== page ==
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Showa Period (1926-1989)

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Taniguchi Masami, (1909–1964)
Awa Puppets: Midai, c. 1950
Ink on paper
10.2 x 7.7 in.

Object Type: Print
Technique: Wood-block Printing
Period: Showa (Japan, 1926-1989)
Credit Line: Purchased with funds from the Aoki Endowment for Japanese Arts and Cultures
Accession Number: 2009.1.89

Alternate Title: Awa Ningyo: Midai

This puppet head would be used to represent an aristocratic woman or wife of an imperial court minister, an ama midaidokoro. Her facial expression is reserved, and her hairstyle is quite modest. This print is from a series documenting the famous puppets of Aawaji, an island in the Inland Sea, where the puppet theater is said to have begun over 500 years ago.
Prof. Bruce Coats

The Japanese puppet theater tradition, also called Ningyo joruri, is a complex performance art, with musicians playing a 3-string shamisen and sometimes drums, a single chanter who both narrates the plays and provides all the dialogue voices, and the puppet handlers. The puppets are large, about half to two-thirds life size, and are usually manipulated by 3 people: one for the head and right arm, one for the body and left arm, and one for the legs and feet. The puppeteers carefully coordinate their actions to give the puppets life like movements and expressions.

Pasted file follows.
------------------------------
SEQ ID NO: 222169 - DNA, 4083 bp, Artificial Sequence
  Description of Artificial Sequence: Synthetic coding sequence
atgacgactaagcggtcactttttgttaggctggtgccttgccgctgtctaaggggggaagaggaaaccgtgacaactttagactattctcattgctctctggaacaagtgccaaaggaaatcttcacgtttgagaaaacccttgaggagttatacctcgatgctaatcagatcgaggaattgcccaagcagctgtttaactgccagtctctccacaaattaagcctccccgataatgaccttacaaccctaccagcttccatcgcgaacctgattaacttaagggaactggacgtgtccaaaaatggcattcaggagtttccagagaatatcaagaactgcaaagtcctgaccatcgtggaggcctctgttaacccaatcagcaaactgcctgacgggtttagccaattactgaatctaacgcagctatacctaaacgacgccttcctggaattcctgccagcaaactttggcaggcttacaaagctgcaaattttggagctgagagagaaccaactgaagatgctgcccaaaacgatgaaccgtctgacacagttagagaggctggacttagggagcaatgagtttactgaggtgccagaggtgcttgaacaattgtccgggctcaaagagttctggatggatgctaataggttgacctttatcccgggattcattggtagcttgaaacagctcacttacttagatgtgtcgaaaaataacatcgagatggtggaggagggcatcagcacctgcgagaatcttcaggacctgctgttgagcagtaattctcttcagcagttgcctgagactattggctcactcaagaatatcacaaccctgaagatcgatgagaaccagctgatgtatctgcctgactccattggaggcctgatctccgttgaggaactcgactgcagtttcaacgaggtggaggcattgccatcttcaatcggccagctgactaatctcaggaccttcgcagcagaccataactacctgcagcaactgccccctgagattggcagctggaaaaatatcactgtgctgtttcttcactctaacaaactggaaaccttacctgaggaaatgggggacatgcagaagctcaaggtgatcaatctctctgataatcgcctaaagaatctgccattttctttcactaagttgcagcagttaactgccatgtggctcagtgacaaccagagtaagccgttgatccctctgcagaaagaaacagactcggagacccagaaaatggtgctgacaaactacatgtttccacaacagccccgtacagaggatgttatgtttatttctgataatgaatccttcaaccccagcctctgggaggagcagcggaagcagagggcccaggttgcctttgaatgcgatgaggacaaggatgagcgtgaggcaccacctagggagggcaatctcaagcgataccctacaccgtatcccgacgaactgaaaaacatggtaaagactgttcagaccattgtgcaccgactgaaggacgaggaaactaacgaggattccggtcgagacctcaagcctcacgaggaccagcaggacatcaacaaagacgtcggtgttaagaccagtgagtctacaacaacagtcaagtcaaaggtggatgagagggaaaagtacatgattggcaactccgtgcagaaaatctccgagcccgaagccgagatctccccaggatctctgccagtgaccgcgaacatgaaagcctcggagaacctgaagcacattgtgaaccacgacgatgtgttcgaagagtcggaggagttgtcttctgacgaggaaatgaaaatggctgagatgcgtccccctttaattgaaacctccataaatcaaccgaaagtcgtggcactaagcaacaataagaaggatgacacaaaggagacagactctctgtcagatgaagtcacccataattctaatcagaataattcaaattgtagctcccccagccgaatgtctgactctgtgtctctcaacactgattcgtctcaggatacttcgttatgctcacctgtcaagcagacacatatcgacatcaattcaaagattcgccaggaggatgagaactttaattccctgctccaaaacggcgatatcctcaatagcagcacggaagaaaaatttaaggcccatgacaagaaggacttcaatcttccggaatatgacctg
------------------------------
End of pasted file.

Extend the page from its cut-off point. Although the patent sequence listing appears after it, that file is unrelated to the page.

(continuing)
Prof. Bruce Coats

signed: "Taniguchi Masami (or Kunbi)" in pen on left margin
seal: artist's seal

Object Description
The head of bunraku puppet ,"Midai" (wife of shogun Toyotomi Hideyoshi), in Awa province.

Carved and printed by artist.

see also: 2006.1.56

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